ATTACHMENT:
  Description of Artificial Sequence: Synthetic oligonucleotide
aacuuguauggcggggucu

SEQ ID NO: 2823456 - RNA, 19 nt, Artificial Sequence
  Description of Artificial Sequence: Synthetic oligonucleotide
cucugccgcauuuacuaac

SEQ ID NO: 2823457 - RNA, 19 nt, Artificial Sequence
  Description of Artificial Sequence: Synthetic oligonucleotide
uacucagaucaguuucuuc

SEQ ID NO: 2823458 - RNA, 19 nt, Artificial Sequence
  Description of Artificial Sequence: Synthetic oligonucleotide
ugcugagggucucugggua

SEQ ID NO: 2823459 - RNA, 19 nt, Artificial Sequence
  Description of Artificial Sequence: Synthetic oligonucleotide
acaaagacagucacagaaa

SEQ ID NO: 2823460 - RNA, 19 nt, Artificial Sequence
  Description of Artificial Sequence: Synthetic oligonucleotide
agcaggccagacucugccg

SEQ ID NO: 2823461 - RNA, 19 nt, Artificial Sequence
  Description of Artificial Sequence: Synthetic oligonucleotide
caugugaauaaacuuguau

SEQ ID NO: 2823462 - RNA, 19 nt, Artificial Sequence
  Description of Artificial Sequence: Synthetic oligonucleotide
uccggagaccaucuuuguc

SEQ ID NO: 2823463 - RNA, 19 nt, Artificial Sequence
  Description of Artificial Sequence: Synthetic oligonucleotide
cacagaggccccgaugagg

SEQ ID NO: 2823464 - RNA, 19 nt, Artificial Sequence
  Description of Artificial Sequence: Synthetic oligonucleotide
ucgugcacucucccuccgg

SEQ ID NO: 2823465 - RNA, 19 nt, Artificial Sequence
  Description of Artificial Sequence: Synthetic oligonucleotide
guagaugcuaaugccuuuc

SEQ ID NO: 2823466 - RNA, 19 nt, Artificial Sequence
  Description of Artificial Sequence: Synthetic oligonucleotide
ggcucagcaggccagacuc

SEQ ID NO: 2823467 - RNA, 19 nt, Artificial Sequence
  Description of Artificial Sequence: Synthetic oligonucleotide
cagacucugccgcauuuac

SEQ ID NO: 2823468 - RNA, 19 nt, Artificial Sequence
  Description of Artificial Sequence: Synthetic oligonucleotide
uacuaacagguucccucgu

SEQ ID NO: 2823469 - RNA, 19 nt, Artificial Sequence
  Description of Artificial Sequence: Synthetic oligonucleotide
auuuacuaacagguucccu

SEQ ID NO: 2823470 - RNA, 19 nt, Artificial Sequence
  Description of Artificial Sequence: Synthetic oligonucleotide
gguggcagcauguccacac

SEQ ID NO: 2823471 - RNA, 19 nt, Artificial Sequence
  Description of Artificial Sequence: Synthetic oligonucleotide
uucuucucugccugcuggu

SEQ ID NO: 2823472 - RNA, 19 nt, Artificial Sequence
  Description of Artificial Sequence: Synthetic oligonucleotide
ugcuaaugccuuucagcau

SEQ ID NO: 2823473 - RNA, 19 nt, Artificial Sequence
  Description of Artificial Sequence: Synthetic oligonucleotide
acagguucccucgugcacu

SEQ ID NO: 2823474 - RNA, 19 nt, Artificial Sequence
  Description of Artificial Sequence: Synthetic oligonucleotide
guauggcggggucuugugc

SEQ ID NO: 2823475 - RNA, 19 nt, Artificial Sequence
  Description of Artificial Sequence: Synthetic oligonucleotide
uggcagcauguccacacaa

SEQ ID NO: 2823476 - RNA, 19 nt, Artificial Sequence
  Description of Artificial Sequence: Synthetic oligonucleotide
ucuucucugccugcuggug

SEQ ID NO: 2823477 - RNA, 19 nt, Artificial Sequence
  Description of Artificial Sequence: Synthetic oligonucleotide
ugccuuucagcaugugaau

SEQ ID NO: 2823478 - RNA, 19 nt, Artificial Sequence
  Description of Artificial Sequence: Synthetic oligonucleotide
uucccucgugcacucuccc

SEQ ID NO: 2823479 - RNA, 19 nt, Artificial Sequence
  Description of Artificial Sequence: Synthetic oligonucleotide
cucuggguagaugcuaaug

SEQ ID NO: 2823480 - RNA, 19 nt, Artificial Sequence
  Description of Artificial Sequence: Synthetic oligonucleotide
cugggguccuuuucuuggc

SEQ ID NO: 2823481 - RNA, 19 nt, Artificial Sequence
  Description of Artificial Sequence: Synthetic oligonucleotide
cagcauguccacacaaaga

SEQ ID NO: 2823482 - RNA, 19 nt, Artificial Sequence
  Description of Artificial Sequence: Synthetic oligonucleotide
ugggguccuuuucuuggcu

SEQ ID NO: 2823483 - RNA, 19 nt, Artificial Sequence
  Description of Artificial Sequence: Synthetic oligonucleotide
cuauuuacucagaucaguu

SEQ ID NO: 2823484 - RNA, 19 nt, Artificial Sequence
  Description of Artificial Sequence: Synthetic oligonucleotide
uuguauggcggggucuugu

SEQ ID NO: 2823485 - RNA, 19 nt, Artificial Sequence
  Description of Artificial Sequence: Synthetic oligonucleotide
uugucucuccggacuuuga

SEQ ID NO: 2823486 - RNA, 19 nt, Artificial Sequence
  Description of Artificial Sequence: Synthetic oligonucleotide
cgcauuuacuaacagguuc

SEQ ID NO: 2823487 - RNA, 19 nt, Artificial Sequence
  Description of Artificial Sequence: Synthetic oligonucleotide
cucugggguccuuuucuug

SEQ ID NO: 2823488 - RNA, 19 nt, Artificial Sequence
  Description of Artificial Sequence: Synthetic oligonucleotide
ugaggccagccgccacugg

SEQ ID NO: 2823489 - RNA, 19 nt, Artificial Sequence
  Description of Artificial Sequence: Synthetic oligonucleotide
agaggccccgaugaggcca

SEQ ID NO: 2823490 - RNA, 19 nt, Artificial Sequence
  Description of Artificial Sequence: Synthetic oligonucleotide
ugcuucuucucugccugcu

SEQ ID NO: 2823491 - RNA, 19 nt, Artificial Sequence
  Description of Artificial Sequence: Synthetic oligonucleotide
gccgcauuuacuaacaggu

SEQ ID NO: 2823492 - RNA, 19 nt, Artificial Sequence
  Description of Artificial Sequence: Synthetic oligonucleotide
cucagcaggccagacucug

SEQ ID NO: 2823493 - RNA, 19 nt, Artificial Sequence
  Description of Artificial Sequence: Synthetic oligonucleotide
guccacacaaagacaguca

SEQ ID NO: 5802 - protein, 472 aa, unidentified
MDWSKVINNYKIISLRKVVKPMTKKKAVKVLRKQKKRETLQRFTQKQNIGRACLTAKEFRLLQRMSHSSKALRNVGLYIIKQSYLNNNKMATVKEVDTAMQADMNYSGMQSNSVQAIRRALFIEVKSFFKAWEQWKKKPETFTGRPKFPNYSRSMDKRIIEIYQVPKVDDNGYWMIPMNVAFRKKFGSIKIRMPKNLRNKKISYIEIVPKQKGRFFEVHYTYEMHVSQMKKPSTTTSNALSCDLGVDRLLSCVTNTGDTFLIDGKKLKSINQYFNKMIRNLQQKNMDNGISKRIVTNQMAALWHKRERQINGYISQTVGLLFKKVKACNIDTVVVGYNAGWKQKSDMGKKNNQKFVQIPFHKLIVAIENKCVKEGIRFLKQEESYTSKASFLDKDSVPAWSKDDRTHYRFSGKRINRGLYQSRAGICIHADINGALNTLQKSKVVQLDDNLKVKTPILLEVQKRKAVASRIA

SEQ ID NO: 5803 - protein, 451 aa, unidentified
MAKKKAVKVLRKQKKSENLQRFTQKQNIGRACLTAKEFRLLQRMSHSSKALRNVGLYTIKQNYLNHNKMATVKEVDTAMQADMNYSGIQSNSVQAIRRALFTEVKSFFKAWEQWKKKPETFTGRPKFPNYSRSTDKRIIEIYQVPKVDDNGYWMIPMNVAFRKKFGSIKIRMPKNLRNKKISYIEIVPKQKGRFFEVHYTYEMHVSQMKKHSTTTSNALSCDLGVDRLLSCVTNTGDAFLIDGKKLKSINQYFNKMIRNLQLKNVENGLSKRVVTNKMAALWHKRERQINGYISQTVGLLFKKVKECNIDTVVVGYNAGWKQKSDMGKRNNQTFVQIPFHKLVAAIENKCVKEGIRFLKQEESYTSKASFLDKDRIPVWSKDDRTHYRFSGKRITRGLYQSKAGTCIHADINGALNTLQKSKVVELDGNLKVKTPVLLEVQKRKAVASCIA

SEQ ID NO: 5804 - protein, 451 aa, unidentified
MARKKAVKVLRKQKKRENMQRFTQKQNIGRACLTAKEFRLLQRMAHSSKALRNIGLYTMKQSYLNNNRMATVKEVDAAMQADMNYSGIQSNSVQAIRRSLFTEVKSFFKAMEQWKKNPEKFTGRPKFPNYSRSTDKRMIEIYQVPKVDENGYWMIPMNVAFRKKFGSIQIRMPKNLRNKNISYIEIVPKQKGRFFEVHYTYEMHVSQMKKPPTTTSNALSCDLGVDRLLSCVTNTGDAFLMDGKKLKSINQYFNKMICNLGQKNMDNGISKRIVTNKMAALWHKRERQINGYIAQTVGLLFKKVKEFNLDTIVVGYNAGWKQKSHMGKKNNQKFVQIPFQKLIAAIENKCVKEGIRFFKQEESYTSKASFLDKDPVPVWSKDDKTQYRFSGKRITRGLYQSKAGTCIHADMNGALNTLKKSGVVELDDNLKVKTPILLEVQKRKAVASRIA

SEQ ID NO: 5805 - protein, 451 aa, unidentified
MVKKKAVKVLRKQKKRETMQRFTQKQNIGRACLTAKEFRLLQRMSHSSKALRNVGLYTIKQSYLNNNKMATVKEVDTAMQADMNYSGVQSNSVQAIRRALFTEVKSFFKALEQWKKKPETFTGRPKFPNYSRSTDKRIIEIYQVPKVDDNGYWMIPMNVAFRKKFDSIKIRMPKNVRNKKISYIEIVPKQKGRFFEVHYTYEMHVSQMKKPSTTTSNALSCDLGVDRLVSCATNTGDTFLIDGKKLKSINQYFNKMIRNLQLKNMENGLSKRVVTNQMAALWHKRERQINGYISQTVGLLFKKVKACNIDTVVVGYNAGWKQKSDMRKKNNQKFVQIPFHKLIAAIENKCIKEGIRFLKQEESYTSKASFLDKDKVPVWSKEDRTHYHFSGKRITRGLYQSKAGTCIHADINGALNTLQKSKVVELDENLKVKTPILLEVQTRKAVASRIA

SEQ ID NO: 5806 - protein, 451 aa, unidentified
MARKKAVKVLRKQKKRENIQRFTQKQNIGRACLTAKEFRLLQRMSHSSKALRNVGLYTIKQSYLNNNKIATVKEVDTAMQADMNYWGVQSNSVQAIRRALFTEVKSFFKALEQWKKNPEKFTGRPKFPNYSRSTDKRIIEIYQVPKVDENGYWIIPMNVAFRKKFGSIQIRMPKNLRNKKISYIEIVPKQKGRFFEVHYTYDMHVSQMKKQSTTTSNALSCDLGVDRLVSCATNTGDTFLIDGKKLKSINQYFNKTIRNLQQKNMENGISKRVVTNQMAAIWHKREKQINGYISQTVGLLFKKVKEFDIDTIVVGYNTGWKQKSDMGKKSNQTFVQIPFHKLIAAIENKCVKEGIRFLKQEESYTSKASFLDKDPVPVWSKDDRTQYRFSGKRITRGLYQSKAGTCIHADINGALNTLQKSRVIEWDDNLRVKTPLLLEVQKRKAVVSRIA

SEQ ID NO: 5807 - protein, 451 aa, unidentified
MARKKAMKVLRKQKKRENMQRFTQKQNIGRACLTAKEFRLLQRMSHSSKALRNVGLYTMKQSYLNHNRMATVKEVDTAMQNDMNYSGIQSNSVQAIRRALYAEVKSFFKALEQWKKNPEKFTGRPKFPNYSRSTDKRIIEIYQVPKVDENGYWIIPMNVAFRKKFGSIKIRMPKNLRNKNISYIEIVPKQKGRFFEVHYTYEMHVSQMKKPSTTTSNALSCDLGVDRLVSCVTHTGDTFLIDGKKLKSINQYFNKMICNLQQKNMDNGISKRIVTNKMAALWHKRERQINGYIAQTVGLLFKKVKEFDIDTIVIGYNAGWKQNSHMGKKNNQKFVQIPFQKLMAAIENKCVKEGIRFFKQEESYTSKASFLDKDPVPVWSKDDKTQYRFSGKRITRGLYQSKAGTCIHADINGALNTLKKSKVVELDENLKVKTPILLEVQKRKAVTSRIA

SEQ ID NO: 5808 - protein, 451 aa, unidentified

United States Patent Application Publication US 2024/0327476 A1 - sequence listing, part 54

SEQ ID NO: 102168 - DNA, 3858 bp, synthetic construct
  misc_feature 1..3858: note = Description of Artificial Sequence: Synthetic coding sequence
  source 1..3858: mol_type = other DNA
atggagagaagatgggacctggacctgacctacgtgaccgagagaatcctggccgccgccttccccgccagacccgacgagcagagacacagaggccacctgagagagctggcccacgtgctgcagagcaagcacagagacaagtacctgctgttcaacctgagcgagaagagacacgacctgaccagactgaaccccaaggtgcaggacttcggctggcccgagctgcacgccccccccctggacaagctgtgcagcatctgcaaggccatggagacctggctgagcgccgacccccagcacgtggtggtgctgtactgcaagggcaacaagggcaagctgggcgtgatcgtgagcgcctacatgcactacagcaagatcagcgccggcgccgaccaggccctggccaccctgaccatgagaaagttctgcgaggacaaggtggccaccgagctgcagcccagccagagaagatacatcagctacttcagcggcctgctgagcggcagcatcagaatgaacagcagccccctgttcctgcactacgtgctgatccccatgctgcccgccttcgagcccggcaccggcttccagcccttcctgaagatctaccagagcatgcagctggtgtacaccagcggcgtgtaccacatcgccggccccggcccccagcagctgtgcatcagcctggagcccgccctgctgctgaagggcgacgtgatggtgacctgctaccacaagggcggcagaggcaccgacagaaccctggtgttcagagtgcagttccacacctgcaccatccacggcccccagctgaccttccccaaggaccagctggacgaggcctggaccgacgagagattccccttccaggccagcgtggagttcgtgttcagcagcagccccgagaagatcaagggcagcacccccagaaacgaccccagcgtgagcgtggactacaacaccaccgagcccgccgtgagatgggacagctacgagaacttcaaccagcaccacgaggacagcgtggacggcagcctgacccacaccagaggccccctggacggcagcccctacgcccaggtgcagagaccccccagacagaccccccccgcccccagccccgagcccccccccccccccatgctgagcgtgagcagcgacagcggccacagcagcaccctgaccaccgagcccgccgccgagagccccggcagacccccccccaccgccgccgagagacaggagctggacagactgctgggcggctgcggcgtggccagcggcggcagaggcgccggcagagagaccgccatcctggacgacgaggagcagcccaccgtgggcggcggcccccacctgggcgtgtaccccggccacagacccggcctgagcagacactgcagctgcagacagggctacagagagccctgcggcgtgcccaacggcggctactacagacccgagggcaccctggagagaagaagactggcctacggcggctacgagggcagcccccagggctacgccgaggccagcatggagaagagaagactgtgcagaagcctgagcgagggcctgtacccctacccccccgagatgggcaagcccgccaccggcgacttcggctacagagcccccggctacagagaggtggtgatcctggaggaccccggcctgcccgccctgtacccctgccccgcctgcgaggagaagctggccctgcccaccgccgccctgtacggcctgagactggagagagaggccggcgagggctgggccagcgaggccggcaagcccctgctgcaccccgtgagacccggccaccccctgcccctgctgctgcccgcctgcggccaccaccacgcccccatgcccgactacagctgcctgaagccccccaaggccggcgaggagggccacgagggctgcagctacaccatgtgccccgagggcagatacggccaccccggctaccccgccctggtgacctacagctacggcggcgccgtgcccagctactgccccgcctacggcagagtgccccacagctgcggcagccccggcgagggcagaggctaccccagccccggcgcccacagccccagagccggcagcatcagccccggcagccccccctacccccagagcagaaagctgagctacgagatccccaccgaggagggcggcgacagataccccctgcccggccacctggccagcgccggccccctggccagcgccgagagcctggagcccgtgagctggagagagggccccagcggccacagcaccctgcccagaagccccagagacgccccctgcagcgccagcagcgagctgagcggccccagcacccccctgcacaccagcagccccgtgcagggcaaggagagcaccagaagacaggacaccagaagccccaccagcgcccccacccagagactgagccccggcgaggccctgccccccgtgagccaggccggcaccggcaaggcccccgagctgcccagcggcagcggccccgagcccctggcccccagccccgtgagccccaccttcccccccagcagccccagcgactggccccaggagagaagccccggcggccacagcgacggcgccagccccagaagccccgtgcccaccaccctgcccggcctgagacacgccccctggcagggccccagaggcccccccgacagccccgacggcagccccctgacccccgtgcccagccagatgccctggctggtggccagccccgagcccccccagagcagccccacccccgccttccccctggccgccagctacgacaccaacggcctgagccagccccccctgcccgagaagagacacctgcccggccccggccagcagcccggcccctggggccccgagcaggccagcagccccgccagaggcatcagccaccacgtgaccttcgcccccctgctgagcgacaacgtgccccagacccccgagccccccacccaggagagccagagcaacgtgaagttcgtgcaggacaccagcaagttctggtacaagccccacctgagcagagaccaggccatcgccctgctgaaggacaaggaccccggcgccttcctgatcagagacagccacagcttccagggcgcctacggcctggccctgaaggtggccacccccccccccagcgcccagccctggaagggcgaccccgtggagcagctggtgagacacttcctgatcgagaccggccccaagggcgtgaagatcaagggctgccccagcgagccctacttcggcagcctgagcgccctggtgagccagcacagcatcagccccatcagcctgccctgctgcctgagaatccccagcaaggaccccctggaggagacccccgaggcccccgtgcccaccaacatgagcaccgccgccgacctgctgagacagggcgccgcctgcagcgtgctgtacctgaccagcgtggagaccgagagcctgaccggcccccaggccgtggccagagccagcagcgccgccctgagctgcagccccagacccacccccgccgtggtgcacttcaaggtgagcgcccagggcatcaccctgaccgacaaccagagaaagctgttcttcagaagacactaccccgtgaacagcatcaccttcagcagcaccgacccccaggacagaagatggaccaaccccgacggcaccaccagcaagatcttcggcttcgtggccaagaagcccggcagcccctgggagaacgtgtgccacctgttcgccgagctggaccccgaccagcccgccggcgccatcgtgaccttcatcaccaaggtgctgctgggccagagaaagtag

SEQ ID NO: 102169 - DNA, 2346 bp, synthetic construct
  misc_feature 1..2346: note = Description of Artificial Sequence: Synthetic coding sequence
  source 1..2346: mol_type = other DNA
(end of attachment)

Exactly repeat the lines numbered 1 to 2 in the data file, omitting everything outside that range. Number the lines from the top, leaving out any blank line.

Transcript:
  Description of Artificial Sequence: Synthetic oligonucleotide
aacuuguauggcggggucu